In yesterday’s New York Times, there was a terrific piece about how good the food is in Portland, Maine—the restaurants, the bakeries, and even a couple of food markets that sell baked goods along with fresh fruit and vegetables. 

I was familiar with some of the eateries and stores listed in the article, but quite a few are unfamiliar to me. And even though the drive to Portland is more than hour from where I live, I am looking forward to visiting these places and munching my way through the city. A Portland food trail, as it were.  

However, one line in the article really caught my attention: “Many of the customers who keep these premium-priced places running are people “from Away” who have moved to Portland…” And judging from the descriptions of the chefs and bakers, I would have to say that many of them are from away, too. Now, as a native Mainer, I am not one of those who thinks people should just stay put and leave our state alone. I even think that new people and new ideas are vital to a place’s well-being. However, implicit in that sentence in the Times is the idea that without people from away, we would not be able to have good food in Maine. Indeed, over the weekend at Maine Fare, during one of the panel introductions, I even heard someone state that Maine was once the land of bland cooking, and we can thank those from away for rescuing the natives from their dreary food. Fortunately, this wasn’t the prevailing attitude at Maine Fare, but it is an example of how people from away get a bad reputation.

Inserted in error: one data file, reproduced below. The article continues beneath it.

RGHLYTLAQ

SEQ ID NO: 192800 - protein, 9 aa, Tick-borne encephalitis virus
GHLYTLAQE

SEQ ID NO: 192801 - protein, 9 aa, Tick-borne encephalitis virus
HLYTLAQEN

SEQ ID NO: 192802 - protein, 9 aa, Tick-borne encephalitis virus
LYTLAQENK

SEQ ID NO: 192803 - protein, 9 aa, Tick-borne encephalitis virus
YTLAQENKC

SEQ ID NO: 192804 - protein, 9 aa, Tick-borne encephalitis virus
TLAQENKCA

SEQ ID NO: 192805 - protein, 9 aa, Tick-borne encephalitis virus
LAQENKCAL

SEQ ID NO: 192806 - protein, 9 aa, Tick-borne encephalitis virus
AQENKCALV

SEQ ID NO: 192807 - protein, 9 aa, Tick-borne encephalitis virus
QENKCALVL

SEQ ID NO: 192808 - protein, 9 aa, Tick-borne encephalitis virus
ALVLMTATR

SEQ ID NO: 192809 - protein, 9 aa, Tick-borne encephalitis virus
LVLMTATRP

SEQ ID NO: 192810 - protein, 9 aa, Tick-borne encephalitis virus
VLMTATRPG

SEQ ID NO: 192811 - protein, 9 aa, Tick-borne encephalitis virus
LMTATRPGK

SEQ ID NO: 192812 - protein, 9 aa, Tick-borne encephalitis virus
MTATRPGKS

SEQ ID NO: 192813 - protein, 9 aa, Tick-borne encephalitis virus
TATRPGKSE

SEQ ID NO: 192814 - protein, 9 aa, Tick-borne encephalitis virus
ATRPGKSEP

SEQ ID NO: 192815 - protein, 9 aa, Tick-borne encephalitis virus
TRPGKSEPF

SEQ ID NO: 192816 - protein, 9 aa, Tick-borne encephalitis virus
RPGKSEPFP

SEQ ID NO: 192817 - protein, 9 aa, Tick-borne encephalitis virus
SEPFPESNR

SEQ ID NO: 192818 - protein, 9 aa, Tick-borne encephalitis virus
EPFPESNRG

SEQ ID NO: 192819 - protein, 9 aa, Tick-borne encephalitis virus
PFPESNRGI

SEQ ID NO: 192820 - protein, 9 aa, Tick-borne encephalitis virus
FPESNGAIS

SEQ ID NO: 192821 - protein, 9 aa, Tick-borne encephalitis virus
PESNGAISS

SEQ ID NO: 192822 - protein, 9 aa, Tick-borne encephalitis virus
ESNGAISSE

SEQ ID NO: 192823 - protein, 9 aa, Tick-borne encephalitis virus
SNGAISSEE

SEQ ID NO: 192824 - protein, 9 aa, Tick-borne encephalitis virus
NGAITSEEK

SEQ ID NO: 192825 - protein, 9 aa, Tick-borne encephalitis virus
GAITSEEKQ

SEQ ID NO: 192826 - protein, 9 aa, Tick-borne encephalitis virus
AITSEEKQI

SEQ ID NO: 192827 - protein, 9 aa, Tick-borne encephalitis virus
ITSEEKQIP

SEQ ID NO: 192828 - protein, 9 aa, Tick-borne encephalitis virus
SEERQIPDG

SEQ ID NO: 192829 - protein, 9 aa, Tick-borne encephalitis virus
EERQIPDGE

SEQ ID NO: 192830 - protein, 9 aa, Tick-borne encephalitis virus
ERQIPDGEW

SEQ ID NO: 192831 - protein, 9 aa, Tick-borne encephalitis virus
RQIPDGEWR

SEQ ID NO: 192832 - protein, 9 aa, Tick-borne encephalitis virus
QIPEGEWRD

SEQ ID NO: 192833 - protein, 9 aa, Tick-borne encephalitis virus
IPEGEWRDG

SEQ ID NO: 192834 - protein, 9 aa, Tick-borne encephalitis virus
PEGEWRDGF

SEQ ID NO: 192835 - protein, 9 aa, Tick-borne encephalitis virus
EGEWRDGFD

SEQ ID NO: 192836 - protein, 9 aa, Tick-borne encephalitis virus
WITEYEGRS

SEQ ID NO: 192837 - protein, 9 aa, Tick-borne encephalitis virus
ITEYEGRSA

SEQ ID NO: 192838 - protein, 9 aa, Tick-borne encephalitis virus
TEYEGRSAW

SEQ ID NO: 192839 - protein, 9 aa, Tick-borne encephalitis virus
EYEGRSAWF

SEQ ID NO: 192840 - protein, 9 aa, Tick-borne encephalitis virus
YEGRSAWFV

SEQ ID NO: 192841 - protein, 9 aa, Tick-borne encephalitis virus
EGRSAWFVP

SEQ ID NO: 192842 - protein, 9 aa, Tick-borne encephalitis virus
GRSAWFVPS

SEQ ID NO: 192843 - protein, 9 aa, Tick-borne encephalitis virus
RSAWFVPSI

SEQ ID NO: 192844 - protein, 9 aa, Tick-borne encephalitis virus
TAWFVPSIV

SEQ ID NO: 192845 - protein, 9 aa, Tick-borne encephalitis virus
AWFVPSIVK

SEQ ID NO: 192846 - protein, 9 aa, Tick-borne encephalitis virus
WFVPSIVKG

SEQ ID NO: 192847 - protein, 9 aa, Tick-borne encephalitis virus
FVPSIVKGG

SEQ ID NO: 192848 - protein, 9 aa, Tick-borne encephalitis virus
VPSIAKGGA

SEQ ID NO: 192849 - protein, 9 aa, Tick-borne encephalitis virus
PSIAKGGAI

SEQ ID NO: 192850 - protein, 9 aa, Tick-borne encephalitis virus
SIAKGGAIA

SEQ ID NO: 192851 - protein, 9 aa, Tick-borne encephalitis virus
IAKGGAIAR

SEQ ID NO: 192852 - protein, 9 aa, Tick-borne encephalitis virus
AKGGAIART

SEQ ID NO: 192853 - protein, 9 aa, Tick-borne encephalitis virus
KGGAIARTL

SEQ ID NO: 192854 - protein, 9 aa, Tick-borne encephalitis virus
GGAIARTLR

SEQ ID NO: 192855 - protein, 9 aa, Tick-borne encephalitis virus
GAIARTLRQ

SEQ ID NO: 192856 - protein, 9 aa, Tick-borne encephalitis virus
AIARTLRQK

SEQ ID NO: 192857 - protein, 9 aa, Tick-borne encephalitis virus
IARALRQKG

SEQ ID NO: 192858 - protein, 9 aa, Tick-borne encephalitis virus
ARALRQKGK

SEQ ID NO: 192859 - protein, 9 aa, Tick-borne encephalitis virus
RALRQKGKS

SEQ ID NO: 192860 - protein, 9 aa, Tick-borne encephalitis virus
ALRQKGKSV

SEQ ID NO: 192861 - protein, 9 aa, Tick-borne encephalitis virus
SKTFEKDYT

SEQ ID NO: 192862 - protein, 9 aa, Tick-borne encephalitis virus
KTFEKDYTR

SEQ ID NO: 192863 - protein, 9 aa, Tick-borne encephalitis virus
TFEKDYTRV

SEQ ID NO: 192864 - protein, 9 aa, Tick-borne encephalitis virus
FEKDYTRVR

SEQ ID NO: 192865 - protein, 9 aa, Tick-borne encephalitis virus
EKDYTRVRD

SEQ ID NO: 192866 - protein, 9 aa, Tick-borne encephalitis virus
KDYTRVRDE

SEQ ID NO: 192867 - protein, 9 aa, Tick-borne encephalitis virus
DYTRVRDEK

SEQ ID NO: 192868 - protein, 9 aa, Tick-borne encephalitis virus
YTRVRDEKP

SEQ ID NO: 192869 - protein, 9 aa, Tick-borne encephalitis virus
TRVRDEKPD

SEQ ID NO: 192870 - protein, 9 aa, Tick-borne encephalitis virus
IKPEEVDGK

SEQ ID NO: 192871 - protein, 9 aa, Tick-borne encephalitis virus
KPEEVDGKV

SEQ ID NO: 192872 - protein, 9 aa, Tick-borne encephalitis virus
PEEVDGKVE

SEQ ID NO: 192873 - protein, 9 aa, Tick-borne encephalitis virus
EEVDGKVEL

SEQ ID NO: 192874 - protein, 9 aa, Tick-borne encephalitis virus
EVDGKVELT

As someone who has eaten most of her meals in Maine, I am in a pretty good position to comment about Maine food. My memories of eating stretch all the way back to the 1960s, a time that is generally considered a culinary wasteland, not just in Maine, but in the rest of the United States as well. (This was also when Julia Child made her grand appearance.) In truth, some of the bad reputation is deserved. I remember eating a great many casseroles that involved canned cream of mushroom soup, egg noodles, and either tuna or hamburg. Veg-All just compounded the misery, and Jell-O, either plain or as a molded salad, made frequent appearances. But I would argue this wasn’t so much Maine cooking as it was American cooking, and it definitely was not the whole story. 

When I was eight, my family moved from Waterville, a small mill city, to North Vassalboro, a small mill town that was quite rural. Many families in North Vassalboro had big gardens, and my family was one of them. As a result, we had wonderful, fresh vegetables in the summer, along with raspberries, strawberries, and rhubarb. My mother, like many other women on our road, canned and froze the surplus, and summer was a flurry of snipped beans, sliced carrots, steaming jars, and the beautiful sound of snapping lids. She made different kinds of pickles and relish, and our pantry was well stocked by the time winter came. Again, I want to emphasize that this was not unusual in our neighborhood. 

My mother also made from scratch most of our baked goods—cookies, pies, brownies, muffins, and cakes. Once she made a cake from a packaged mix. When we all decided that we liked her cakes better, she didn’t use a mix again. She made tourtière, a Franco-American spiced meat pie that we ate at Christmas, and a similar spicy meat stuffing for our Thanksgiving turkey. She made fudge and candy for the holidays. Do I need to add that other mothers were doing similar things in houses up and down our road? While the food wasn’t fancy, it was certainly tasty, and only one family in our neighborhood was overweight. The rest of us were pretty lean and active, and we were all good eaters. 

Now, I’m not pining for the old days. Times change, and not all changes are bad. I just wanted to add a little perspective to what cooking was like in Maine in the “old days,” before those from away rescued us natives from our so-called food doldrums. In fact, some of our food was very good, and right now, I wouldn’t mind having one of my mother’s frosted chocolate cookies, soft and chewy. And I haven’t even touched the subject of lobster and steamed clams, yearly summer treats for a central Maine girl and her family.